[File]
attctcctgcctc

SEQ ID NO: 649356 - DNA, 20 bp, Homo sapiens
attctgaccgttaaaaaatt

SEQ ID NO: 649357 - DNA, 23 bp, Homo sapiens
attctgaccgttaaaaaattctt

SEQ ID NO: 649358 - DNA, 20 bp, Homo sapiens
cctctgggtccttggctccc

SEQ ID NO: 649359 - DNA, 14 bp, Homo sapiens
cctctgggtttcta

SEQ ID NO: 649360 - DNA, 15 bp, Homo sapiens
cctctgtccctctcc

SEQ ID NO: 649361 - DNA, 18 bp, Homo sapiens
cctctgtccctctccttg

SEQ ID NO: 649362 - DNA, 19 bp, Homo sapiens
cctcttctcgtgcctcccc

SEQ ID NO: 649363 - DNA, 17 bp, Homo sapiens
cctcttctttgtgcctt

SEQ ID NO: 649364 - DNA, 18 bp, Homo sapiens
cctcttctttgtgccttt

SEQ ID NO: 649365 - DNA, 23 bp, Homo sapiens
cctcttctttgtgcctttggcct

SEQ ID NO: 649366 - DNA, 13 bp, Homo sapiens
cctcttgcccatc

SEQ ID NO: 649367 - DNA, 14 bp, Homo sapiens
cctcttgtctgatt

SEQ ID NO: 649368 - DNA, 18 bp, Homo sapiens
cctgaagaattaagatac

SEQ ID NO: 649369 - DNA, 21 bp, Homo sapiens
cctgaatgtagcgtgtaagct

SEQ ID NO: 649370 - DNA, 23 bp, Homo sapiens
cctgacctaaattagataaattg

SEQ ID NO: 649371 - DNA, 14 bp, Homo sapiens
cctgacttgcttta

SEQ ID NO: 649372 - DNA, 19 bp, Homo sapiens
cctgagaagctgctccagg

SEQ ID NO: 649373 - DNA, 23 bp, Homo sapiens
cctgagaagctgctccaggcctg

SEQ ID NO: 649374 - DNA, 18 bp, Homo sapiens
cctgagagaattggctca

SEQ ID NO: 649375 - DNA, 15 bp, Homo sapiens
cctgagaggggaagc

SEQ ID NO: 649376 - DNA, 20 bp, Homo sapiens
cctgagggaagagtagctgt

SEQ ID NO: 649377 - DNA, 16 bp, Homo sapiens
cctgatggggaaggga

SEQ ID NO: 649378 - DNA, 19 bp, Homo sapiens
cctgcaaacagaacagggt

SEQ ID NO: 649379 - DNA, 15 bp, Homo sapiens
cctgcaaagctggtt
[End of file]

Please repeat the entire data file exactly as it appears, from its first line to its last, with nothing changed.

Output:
attctcctgcctc

SEQ ID NO: 649356 - DNA, 20 bp, Homo sapiens
attctgaccgttaaaaaatt

SEQ ID NO: 649357 - DNA, 23 bp, Homo sapiens
attctgaccgttaaaaaattctt

SEQ ID NO: 649358 - DNA, 20 bp, Homo sapiens
cctctgggtccttggctccc

SEQ ID NO: 649359 - DNA, 14 bp, Homo sapiens
cctctgggtttcta

SEQ ID NO: 649360 - DNA, 15 bp, Homo sapiens
cctctgtccctctcc

SEQ ID NO: 649361 - DNA, 18 bp, Homo sapiens
cctctgtccctctccttg

SEQ ID NO: 649362 - DNA, 19 bp, Homo sapiens
cctcttctcgtgcctcccc

SEQ ID NO: 649363 - DNA, 17 bp, Homo sapiens
cctcttctttgtgcctt

SEQ ID NO: 649364 - DNA, 18 bp, Homo sapiens
cctcttctttgtgccttt

SEQ ID NO: 649365 - DNA, 23 bp, Homo sapiens
cctcttctttgtgcctttggcct

SEQ ID NO: 649366 - DNA, 13 bp, Homo sapiens
cctcttgcccatc

SEQ ID NO: 649367 - DNA, 14 bp, Homo sapiens
cctcttgtctgatt

SEQ ID NO: 649368 - DNA, 18 bp, Homo sapiens
cctgaagaattaagatac

SEQ ID NO: 649369 - DNA, 21 bp, Homo sapiens
cctgaatgtagcgtgtaagct

SEQ ID NO: 649370 - DNA, 23 bp, Homo sapiens
cctgacctaaattagataaattg

SEQ ID NO: 649371 - DNA, 14 bp, Homo sapiens
cctgacttgcttta

SEQ ID NO: 649372 - DNA, 19 bp, Homo sapiens
cctgagaagctgctccagg

SEQ ID NO: 649373 - DNA, 23 bp, Homo sapiens
cctgagaagctgctccaggcctg

SEQ ID NO: 649374 - DNA, 18 bp, Homo sapiens
cctgagagaattggctca

SEQ ID NO: 649375 - DNA, 15 bp, Homo sapiens
cctgagaggggaagc

SEQ ID NO: 649376 - DNA, 20 bp, Homo sapiens
cctgagggaagagtagctgt

SEQ ID NO: 649377 - DNA, 16 bp, Homo sapiens
cctgatggggaaggga

SEQ ID NO: 649378 - DNA, 19 bp, Homo sapiens
cctgcaaacagaacagggt

SEQ ID NO: 649379 - DNA, 15 bp, Homo sapiens
cctgcaaagctggtt